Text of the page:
Prime Minister Juha Sipilä (Centre) yesterday officially announced that the social, health care and regional government reform will be postponed by a year until 2021, adding that the postponement warrants a thorough discussion in the Finnish Parliament.
“As prime minister, I sincerely hope that the hearts of regional developers have not been broken by the slowness of national decision-making,” he lamented in the Session Hall.
Both Finland and the Finnish political system must be able to do better, according to Sipilä.
“This should be a concern to all of us in this hall. The postponement is undeniably a disappointment. We all have to take a look in the mirror, including myself. We must be able to do better in the future,” he stressed, reminding that various indicators suggest public confidence in democracy and policy-making is on the decline in Finland.
Sipilä also reminded that the objectives of the reform include reducing wait times for social and health care, decreasing health inequalities and limiting the increase in social and health care costs. The reform, he added, is crucial for the efforts to wipe out the sustainability deficit of the public economy as it is projected to account for three billion of the 10-billion-euro savings target of the government.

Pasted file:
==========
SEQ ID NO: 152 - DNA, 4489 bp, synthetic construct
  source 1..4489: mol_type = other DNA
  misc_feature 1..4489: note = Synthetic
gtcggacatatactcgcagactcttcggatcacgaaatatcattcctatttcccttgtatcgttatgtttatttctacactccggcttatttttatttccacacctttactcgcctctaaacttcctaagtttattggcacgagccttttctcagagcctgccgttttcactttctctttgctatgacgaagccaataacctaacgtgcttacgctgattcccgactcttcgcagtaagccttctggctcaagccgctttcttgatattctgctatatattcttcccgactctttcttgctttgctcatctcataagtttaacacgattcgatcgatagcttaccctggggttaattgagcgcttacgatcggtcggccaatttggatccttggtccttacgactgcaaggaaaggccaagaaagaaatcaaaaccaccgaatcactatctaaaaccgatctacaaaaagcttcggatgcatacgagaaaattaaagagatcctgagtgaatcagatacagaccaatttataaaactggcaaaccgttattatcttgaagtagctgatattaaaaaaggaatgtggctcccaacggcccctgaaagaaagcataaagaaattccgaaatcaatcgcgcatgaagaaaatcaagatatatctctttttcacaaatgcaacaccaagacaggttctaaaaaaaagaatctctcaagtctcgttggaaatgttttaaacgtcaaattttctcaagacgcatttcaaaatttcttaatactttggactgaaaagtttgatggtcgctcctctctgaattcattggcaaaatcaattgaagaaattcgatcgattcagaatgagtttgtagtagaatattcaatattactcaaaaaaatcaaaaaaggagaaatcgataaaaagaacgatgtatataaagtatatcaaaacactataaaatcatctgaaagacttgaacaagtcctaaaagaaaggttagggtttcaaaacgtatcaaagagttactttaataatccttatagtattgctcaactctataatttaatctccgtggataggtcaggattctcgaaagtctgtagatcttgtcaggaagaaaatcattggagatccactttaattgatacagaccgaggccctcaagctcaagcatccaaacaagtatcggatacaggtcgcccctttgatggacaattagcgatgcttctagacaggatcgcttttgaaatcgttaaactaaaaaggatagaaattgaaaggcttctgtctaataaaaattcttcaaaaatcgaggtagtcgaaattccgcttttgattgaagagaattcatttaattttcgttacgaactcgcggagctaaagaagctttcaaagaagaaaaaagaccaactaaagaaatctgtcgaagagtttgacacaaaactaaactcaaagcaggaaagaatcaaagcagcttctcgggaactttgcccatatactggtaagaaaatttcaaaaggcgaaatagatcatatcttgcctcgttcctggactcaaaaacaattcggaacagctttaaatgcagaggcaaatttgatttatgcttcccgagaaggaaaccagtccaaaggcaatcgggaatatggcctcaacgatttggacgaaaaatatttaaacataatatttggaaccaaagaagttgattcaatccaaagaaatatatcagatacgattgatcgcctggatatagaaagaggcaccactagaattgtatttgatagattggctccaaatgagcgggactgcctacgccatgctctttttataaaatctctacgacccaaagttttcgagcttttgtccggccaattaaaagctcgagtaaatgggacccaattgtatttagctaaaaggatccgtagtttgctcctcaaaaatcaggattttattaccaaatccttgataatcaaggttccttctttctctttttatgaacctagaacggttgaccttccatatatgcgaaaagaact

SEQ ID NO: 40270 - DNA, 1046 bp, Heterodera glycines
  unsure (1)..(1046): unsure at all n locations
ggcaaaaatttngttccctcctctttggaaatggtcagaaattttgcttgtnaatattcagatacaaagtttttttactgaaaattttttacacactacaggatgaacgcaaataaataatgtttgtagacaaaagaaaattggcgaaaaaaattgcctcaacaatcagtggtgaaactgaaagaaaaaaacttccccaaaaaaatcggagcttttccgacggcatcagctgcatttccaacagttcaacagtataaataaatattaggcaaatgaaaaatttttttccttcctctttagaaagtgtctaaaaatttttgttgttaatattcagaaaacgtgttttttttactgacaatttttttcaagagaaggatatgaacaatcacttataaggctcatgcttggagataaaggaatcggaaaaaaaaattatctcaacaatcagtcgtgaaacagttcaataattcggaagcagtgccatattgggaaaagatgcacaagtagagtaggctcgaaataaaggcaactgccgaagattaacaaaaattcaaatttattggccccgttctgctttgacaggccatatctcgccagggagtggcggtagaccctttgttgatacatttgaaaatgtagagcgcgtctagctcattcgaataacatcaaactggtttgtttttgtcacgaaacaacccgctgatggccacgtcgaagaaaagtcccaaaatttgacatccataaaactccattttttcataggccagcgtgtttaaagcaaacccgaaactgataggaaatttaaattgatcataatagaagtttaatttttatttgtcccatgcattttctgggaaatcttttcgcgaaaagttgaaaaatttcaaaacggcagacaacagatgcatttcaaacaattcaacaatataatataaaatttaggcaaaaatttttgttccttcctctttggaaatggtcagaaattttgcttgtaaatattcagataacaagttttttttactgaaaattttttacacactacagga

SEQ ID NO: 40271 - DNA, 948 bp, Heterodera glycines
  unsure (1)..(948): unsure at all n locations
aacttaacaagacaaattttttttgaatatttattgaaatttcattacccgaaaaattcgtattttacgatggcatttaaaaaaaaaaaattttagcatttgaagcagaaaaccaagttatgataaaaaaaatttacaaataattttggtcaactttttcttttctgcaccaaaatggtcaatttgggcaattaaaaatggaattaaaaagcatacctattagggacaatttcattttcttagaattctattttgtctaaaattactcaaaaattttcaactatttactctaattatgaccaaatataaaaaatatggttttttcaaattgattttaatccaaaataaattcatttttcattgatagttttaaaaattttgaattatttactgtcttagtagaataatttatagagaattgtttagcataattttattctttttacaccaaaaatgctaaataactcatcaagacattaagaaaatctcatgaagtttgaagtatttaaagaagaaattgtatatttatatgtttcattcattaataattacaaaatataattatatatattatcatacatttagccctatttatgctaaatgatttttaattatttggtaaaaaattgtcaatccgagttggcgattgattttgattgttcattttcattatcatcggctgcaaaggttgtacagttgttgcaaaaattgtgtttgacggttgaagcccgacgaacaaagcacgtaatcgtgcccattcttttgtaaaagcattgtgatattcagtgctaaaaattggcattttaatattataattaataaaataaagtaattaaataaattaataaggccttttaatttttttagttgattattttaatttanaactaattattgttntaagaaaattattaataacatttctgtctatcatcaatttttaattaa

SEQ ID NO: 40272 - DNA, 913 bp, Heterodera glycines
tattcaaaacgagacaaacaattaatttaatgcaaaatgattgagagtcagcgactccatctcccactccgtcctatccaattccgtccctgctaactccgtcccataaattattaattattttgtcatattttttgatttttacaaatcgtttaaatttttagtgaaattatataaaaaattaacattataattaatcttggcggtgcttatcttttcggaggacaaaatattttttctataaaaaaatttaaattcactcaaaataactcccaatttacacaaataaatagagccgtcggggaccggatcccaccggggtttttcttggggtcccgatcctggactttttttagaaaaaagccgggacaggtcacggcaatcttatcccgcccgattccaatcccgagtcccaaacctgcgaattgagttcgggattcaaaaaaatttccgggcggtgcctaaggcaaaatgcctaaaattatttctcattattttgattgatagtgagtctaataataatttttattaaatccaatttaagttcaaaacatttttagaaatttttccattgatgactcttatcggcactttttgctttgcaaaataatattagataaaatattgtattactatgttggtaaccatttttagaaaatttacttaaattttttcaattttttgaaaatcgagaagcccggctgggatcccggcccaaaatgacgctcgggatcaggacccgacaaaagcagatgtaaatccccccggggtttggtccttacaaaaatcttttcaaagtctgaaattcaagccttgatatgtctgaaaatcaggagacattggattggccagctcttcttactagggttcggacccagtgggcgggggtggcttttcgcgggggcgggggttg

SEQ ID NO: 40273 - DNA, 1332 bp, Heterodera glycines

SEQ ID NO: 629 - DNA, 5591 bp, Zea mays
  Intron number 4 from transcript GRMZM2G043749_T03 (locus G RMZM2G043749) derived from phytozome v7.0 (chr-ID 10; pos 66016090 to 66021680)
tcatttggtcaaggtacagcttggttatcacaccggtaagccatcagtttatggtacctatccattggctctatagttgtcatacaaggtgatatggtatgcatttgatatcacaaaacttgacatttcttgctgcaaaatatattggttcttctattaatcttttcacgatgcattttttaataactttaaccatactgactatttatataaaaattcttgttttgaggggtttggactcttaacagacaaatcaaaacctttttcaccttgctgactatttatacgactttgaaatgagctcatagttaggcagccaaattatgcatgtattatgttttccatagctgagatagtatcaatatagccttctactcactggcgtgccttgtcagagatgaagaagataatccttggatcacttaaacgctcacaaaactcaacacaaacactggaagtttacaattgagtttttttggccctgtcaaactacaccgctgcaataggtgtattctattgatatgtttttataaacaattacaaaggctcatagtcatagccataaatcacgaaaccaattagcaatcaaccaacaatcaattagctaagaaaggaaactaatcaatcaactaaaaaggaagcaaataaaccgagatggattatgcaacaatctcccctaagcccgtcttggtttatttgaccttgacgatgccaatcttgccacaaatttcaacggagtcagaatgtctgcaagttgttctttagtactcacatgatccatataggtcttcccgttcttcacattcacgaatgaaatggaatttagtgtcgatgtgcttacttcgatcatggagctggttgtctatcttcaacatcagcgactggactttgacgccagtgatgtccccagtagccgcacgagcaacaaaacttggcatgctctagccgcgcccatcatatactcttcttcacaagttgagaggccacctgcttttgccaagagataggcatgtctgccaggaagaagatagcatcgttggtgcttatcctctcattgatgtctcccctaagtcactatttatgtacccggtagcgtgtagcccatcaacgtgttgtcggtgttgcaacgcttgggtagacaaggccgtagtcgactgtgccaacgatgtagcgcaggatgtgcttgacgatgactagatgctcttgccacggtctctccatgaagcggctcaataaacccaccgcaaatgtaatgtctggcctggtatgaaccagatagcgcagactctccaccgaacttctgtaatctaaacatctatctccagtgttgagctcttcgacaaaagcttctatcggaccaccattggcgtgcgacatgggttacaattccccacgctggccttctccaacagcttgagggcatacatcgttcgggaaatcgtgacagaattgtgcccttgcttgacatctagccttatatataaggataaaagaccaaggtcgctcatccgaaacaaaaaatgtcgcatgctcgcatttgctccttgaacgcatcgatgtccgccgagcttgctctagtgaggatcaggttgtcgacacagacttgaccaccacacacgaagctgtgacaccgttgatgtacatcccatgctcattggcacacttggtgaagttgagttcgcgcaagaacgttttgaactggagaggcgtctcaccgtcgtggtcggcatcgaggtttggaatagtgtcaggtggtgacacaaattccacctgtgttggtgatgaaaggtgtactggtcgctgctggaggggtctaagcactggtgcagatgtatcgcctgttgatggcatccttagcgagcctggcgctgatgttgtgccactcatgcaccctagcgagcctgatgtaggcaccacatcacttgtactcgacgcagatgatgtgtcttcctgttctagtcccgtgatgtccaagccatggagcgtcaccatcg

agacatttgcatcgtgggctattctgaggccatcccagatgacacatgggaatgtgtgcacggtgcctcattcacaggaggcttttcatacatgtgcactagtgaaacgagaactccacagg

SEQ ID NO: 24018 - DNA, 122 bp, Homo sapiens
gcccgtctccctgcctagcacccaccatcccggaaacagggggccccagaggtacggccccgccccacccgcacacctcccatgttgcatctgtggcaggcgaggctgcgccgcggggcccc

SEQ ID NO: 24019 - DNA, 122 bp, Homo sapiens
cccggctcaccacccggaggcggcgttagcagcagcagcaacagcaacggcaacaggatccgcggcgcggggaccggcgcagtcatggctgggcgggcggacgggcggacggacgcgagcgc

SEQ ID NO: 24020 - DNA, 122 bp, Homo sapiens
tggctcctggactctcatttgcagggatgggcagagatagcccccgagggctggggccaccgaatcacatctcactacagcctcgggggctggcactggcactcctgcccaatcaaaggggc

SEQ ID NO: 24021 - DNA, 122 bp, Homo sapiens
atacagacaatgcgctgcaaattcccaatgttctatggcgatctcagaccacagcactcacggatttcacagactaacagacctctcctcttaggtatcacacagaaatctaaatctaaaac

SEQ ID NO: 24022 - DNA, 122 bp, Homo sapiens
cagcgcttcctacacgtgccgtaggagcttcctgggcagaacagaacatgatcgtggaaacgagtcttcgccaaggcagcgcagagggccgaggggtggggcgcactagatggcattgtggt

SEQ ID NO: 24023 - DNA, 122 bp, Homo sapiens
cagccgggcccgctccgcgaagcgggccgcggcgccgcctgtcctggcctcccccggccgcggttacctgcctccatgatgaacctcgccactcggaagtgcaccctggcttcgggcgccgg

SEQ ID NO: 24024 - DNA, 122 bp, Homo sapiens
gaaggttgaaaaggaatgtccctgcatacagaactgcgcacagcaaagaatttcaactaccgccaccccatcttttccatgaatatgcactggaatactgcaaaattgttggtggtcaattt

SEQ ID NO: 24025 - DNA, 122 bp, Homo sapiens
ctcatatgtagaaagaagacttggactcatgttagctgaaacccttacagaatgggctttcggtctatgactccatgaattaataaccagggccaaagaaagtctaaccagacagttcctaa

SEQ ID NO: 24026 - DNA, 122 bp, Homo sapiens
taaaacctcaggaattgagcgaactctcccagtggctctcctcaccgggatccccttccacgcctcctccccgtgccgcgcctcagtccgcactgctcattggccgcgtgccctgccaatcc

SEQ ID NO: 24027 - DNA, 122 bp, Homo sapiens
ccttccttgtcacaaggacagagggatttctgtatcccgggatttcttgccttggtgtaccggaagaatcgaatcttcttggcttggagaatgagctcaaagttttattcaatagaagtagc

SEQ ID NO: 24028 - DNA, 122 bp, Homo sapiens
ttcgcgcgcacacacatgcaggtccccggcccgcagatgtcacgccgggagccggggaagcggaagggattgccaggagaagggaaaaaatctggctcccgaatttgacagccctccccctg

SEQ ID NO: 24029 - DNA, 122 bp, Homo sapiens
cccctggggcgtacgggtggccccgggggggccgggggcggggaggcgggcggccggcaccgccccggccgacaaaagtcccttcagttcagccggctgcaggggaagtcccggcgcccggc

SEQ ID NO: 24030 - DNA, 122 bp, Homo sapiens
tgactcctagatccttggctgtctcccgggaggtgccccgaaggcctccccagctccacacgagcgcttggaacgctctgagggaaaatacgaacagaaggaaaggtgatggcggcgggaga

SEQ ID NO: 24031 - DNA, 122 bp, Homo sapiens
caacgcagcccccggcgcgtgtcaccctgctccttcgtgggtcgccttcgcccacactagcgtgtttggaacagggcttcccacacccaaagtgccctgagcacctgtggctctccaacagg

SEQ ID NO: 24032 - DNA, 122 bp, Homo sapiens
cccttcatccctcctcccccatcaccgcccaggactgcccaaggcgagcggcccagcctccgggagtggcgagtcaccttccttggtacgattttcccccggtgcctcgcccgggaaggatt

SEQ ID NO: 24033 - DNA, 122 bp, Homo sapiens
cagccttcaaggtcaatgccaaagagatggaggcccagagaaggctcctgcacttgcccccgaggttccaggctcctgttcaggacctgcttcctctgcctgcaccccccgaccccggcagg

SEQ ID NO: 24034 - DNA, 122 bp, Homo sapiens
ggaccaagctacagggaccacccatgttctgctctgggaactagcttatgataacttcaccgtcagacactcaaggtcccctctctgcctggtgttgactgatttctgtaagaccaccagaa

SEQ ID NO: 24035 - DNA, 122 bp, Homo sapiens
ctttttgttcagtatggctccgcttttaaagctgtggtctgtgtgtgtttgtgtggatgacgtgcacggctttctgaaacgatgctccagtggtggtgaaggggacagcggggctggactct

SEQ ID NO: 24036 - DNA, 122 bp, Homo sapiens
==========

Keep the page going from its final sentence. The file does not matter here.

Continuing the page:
“Reducing costs by three billion euros would effectively mean that real costs grew by 0.9 per cent a year instead of the current projection of 2.4 per cent,” he highlighted.
The massive reform would establish 18 counties, overhaul the social and health care system and its funding, increase patients’ freedom to choose their service provider, and make the counties responsible for organising a number of services including rescue and business development services.
“We’re now faced with the fact that this historically massive and innovative reform will require more time than anticipated in the Parliament. Even though the government submitted the bills in the time it promised, the schedule turned out to be too tight for the counties to become operational in 2020,” he said.
The Finnish government has reportedly set its sights on organising the first county elections in May 2019.
Sipilä pointed out that officials have estimated that a minimum of ten months is required after the elections before the counties can become operational. “Because the councils won’t start their work until next summer, this requirement is no longer met,” he added.
“It’s now crucial to make sure that the development work on the reform continues. That’s why the government wants to send a strong message that the goal is still clear – we’re making the largest service and administration reform ever in Finland.”
Aleksi Teivainen – HT
Photo: Vesa Moilanen – Lehtikuva
Source: Uusi Suomi